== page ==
Flossie, with maximum sustained winds of 40 mph, was about 80 miles north-northwest of Hilo and 145 miles east of Honolulu, traveling west-northwest at 18 mph, the National Weather Service Central Pacific Hurricane Center in Honolulu said in its 2 p.m. HST advisory.
A tropical storm warning was posted for the islands of Oahu, Hawaii, Maui, Molokai, Lanai and Kahoolawe.
A tropical storm watch was in effect for Kauai and Niihau.
Flossie was expected to continue moving west-northwest over the next 24 to 48 hours.
Some weakening is forecast during the next two days, forecasters said.
Flossie was expected to bring heavy rain over the warning area through Monday night. Rainfall totals of 4 to 10 inches were possible, with isolated amounts of 12-15 inches, forecasters said.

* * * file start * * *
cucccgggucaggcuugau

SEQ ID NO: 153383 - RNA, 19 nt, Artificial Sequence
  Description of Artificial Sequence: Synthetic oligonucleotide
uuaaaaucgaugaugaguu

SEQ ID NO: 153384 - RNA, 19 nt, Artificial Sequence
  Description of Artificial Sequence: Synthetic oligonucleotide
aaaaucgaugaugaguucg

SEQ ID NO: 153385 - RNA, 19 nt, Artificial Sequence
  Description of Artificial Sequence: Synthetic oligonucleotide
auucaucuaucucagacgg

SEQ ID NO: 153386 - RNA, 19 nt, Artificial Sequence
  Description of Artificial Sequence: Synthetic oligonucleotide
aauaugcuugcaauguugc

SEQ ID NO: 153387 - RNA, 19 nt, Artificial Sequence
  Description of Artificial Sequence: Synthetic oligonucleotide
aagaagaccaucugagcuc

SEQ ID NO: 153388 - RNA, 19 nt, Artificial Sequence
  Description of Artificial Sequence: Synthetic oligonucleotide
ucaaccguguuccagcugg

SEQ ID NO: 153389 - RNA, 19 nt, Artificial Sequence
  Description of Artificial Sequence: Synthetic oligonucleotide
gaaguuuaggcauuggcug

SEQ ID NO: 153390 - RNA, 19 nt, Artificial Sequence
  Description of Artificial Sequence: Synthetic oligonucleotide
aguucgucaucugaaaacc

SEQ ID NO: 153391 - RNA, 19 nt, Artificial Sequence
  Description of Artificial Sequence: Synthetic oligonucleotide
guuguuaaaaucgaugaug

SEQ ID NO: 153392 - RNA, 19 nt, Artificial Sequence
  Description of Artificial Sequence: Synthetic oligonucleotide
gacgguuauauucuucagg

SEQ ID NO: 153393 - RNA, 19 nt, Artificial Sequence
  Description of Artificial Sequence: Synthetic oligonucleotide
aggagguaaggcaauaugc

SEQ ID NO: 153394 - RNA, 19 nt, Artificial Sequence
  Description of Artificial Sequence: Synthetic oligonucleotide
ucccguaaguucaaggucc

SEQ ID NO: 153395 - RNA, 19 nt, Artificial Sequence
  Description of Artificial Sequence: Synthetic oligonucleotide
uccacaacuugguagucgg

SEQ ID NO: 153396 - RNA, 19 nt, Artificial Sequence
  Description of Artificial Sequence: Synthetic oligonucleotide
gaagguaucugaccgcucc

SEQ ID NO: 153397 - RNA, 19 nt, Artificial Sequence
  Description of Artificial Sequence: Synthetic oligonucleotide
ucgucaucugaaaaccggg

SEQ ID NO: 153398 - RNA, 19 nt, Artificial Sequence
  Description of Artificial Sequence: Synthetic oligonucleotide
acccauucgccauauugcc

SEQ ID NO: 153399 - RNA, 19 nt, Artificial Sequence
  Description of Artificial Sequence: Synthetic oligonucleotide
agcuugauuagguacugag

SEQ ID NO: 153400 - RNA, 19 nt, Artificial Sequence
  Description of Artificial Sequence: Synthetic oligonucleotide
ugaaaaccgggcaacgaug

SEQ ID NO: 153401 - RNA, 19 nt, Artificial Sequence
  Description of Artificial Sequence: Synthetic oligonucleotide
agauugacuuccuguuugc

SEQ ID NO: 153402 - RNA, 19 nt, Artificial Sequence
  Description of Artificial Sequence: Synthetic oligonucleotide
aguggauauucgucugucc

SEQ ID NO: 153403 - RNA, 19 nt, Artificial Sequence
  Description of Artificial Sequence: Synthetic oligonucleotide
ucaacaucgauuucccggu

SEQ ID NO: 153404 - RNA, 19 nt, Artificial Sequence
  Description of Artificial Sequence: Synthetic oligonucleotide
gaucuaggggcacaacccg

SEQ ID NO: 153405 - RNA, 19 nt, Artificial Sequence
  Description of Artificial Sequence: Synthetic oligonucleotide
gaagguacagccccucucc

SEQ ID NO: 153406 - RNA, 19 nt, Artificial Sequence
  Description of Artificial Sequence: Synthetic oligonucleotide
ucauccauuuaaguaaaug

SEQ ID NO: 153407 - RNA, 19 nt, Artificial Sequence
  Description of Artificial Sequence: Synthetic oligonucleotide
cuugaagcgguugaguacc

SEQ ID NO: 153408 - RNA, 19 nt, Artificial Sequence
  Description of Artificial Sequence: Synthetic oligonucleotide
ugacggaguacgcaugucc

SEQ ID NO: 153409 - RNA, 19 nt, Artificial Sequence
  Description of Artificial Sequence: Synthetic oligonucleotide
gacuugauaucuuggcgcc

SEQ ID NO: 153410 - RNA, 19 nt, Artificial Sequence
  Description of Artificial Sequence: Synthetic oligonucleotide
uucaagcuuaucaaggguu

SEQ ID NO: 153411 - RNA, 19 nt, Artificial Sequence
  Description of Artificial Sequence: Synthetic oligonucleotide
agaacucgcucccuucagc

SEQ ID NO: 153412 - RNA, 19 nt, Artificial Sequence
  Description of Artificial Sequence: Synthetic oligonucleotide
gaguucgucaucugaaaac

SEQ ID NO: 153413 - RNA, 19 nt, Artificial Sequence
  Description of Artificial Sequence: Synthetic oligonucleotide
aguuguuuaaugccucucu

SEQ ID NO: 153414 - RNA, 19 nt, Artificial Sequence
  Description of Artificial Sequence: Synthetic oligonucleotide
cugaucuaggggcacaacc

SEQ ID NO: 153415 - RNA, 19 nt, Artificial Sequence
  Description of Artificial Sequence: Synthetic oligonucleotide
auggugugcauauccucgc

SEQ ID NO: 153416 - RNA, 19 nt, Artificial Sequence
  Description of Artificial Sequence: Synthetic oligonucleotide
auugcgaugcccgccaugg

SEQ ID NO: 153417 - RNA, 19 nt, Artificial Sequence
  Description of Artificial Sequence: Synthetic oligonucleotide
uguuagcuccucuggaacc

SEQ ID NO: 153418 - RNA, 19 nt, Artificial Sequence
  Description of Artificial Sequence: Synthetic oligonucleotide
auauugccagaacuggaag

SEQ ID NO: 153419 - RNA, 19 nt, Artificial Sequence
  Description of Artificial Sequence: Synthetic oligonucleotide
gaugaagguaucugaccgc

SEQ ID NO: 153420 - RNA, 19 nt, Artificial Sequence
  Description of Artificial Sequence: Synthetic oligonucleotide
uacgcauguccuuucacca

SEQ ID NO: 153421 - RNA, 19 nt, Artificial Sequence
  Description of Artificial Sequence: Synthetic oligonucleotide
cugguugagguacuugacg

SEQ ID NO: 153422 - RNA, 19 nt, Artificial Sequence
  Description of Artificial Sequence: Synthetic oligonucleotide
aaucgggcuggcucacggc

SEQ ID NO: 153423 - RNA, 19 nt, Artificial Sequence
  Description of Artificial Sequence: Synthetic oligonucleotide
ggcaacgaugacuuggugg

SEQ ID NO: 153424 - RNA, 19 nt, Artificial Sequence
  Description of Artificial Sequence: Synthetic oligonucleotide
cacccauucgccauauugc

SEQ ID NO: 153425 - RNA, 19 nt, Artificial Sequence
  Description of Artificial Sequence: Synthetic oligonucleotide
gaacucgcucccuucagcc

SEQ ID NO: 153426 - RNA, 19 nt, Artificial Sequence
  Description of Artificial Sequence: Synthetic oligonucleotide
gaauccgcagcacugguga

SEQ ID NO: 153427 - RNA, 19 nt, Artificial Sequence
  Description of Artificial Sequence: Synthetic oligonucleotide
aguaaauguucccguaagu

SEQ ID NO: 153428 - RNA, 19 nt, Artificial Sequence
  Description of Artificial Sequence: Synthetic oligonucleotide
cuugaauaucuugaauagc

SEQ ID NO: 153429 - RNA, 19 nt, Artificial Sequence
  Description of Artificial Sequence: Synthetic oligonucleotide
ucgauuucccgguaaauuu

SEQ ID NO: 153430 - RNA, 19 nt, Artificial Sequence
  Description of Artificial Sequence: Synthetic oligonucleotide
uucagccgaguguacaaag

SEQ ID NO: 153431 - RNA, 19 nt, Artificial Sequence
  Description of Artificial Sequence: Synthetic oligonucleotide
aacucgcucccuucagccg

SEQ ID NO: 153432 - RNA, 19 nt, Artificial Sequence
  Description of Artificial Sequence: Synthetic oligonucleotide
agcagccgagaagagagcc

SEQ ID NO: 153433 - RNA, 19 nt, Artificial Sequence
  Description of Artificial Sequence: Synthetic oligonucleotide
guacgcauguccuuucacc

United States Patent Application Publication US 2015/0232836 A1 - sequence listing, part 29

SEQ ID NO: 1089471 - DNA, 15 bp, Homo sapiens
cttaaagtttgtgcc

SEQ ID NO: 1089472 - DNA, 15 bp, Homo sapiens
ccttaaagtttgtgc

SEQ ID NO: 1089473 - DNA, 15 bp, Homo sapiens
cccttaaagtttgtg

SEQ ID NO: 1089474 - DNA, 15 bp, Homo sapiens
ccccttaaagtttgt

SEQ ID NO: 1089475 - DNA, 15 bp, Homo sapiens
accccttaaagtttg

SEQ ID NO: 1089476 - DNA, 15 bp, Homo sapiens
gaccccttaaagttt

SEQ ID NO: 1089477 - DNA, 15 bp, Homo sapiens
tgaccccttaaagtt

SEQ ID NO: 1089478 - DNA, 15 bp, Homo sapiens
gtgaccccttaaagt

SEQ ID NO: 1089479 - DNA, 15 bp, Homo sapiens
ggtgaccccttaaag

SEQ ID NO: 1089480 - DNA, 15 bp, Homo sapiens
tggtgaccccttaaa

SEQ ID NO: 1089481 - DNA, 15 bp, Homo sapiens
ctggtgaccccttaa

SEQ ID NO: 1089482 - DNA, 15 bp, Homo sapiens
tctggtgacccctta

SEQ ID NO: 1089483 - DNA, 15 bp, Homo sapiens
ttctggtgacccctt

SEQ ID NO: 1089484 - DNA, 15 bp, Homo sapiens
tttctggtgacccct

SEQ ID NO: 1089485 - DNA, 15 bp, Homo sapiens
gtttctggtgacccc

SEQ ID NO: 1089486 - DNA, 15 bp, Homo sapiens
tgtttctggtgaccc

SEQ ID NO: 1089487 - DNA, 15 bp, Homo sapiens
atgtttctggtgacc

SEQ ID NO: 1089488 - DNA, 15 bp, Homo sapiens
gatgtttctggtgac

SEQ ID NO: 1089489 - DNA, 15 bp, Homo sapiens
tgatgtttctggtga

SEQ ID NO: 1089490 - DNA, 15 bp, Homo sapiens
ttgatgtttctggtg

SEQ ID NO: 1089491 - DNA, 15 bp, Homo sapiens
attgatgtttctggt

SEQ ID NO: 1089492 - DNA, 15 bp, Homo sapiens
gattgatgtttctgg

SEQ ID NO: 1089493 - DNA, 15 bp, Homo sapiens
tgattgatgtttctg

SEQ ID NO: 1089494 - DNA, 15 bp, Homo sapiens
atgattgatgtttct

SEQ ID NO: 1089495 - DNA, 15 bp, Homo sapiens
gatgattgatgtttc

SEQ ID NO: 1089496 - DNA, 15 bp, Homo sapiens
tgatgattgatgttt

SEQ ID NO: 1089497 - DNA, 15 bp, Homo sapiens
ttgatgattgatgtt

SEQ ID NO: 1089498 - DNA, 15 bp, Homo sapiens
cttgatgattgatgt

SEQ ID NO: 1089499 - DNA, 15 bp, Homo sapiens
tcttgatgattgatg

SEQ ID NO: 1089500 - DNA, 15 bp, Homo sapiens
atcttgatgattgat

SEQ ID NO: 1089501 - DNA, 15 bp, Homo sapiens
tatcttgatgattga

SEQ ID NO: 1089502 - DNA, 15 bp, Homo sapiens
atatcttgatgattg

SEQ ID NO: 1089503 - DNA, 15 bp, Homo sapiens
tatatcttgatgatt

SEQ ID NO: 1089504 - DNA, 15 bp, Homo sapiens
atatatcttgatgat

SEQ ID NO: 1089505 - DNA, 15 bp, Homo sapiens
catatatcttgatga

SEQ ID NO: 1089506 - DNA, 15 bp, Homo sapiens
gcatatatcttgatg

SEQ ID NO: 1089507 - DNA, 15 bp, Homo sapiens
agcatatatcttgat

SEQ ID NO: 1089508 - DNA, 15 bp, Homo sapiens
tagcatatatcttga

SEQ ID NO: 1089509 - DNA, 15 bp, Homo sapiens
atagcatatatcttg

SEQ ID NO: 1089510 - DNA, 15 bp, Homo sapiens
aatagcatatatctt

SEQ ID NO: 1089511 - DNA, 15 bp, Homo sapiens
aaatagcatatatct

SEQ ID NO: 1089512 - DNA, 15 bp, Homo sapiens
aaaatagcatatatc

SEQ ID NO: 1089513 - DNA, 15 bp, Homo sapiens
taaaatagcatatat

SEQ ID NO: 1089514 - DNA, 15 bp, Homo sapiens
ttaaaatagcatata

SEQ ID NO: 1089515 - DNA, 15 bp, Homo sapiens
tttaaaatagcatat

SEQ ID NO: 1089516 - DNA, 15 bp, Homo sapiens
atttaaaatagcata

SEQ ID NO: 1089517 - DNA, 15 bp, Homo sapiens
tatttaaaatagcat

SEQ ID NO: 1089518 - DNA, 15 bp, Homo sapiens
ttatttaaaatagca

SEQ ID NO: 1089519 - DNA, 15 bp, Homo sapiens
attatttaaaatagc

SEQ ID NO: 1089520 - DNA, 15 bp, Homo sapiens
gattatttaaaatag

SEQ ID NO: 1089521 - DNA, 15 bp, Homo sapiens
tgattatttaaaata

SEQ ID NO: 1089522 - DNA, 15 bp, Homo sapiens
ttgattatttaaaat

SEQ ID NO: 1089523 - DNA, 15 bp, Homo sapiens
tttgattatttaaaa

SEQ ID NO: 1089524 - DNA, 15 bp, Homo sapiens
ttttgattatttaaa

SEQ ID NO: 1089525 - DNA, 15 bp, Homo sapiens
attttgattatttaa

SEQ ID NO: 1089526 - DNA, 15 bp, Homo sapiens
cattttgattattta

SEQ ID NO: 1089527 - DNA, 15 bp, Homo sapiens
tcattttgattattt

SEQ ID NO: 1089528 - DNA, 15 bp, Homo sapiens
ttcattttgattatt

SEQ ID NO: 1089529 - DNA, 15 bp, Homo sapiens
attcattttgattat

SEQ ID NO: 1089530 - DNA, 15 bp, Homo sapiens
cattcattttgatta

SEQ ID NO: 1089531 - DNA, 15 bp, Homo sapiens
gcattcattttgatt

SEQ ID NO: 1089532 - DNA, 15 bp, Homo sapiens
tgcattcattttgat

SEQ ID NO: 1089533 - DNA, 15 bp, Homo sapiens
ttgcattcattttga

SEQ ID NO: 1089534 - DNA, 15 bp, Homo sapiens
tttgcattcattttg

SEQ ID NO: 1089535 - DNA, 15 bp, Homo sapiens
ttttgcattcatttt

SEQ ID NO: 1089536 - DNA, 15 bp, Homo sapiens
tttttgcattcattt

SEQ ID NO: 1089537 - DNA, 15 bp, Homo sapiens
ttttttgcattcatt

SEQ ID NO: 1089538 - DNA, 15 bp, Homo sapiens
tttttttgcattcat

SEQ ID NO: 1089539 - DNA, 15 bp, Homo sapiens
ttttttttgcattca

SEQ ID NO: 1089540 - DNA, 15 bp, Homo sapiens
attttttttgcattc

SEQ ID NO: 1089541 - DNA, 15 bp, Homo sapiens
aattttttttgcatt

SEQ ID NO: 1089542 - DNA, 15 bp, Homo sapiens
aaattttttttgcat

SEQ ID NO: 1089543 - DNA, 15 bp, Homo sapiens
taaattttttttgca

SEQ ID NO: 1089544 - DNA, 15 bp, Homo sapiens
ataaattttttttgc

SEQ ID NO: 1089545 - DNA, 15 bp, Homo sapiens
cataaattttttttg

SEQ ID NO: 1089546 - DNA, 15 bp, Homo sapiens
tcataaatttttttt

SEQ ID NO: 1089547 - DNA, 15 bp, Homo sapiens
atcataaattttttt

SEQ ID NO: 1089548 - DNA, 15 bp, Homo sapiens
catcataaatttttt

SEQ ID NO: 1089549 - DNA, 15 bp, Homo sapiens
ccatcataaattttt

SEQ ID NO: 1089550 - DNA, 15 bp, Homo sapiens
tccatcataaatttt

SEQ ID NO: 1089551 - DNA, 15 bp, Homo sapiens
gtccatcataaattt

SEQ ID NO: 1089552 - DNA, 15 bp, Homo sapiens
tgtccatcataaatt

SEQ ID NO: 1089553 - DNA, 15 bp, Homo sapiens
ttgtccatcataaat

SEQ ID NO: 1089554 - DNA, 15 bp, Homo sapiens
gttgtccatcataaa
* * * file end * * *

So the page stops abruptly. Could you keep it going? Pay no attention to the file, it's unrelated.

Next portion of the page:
Rainfall could cause life-threatening flash floods and mudslides, the hurricane center said.
Flossie was expected to generate dangerously high surf into Tuesday for east-facing shores of Hawaii, the Big Island.
Hawaii County Mayor Billy Kenoi said non-essential workers were to stay home Monday, the Honolulu Star-Advertiser reported.
Maui Mayor Alan Arakawa closed county parks and offices.
Kenoi and Hawaii Gov. Neil Abercrombie issued emergency proclamations.